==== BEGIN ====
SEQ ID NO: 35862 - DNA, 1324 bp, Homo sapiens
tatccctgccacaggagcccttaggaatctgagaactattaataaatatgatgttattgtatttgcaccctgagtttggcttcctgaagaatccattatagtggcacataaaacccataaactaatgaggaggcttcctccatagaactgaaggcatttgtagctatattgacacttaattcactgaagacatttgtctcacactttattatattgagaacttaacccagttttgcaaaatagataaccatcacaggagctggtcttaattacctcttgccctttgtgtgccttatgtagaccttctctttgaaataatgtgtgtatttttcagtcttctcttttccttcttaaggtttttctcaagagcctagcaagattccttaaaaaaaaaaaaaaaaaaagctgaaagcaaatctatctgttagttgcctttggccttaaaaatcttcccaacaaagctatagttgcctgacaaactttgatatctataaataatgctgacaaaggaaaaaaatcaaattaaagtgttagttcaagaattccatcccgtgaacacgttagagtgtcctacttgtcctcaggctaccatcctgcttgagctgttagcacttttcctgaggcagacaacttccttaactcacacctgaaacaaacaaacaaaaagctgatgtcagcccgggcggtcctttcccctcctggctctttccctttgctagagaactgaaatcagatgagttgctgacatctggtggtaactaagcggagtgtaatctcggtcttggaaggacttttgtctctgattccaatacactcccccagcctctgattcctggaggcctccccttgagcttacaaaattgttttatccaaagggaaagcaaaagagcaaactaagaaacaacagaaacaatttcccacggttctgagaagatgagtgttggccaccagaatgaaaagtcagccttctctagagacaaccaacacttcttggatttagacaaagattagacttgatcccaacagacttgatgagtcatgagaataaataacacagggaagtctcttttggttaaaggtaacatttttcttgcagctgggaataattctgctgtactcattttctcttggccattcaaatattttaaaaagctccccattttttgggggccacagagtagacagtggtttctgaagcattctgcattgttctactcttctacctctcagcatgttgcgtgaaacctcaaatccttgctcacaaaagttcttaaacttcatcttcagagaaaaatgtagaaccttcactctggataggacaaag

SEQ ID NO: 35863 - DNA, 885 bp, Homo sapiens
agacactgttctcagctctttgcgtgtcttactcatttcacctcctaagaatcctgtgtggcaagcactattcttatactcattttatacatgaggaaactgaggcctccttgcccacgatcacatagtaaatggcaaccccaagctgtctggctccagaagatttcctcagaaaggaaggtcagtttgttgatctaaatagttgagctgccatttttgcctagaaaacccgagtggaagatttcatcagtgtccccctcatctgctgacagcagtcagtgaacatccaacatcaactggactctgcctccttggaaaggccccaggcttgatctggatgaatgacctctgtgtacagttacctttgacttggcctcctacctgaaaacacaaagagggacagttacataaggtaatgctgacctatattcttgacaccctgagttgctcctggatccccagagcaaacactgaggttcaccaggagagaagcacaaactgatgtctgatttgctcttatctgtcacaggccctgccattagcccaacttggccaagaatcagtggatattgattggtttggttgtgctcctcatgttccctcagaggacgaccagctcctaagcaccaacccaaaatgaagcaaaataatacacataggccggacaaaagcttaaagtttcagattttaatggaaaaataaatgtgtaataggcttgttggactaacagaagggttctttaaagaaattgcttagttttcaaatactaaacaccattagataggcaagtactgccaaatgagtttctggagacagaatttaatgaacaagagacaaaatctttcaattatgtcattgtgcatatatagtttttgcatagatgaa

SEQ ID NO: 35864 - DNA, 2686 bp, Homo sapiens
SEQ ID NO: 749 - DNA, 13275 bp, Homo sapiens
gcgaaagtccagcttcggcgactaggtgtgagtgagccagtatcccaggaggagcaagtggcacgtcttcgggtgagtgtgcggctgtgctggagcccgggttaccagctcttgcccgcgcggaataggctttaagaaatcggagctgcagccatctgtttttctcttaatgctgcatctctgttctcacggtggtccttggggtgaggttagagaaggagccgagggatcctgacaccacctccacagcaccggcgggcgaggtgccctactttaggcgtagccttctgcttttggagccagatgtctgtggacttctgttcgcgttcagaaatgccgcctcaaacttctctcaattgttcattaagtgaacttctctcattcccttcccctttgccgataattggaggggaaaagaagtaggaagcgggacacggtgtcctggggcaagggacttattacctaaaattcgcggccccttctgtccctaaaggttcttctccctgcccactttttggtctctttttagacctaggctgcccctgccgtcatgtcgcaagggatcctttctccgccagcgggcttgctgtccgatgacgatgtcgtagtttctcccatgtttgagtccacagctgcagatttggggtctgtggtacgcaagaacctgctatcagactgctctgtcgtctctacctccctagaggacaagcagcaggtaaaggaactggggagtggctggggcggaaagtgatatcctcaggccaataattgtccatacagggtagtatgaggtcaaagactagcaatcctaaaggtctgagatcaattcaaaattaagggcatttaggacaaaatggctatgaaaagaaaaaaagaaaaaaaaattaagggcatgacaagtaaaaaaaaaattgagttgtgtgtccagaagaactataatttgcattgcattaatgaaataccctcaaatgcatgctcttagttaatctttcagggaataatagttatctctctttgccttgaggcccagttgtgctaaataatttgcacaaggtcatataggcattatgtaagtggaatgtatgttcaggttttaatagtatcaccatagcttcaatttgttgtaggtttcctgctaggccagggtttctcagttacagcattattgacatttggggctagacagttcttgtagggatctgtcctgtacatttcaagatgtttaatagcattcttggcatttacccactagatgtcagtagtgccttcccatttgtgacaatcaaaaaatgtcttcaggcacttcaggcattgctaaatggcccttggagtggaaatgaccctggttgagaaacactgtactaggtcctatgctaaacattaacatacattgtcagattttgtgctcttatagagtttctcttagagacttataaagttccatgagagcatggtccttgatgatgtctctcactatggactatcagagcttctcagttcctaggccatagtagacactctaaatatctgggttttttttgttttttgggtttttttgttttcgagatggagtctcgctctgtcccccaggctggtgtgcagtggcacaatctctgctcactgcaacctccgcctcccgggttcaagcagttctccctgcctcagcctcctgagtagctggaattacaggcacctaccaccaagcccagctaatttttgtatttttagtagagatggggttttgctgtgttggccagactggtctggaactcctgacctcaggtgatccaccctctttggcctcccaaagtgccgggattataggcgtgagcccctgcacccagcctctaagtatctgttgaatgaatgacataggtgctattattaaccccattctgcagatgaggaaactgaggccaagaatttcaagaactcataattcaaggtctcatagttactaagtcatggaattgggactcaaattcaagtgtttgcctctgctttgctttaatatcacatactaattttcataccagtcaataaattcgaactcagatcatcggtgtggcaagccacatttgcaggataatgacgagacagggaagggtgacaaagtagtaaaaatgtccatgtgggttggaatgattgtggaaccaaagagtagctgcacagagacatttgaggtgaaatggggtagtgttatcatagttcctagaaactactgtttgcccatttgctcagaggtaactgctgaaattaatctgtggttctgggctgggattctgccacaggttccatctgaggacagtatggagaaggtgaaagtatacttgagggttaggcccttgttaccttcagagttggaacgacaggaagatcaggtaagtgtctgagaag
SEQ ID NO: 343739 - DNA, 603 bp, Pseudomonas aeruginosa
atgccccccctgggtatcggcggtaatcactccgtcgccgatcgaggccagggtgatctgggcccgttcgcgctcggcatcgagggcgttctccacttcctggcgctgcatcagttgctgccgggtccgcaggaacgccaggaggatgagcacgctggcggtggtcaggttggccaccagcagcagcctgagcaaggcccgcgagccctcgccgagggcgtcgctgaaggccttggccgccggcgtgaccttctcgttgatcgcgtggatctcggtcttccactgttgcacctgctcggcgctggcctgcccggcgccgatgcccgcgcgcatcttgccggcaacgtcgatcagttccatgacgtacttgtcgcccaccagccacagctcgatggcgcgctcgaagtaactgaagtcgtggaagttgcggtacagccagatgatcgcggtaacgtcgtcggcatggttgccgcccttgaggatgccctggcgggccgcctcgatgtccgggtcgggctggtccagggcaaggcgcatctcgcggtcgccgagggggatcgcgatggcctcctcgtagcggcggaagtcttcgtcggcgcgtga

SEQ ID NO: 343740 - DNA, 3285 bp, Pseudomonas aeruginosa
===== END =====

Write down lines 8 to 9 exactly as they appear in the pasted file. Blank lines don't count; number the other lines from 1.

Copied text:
SEQ ID NO: 343739 - DNA, 603 bp, Pseudomonas aeruginosa
atgccccccctgggtatcggcggtaatcactccgtcgccgatcgaggccagggtgatctgggcccgttcgcgctcggcatcgagggcgttctccacttcctggcgctgcatcagttgctgccgggtccgcaggaacgccaggaggatgagcacgctggcggtggtcaggttggccaccagcagcagcctgagcaaggcccgcgagccctcgccgagggcgtcgctgaaggccttggccgccggcgtgaccttctcgttgatcgcgtggatctcggtcttccactgttgcacctgctcggcgctggcctgcccggcgccgatgcccgcgcgcatcttgccggcaacgtcgatcagttccatgacgtacttgtcgcccaccagccacagctcgatggcgcgctcgaagtaactgaagtcgtggaagttgcggtacagccagatgatcgcggtaacgtcgtcggcatggttgccgcccttgaggatgccctggcgggccgcctcgatgtccgggtcgggctggtccagggcaaggcgcatctcgcggtcgccgagggggatcgcgatggcctcctcgtagcggcggaagtcttcgtcggcgcgtga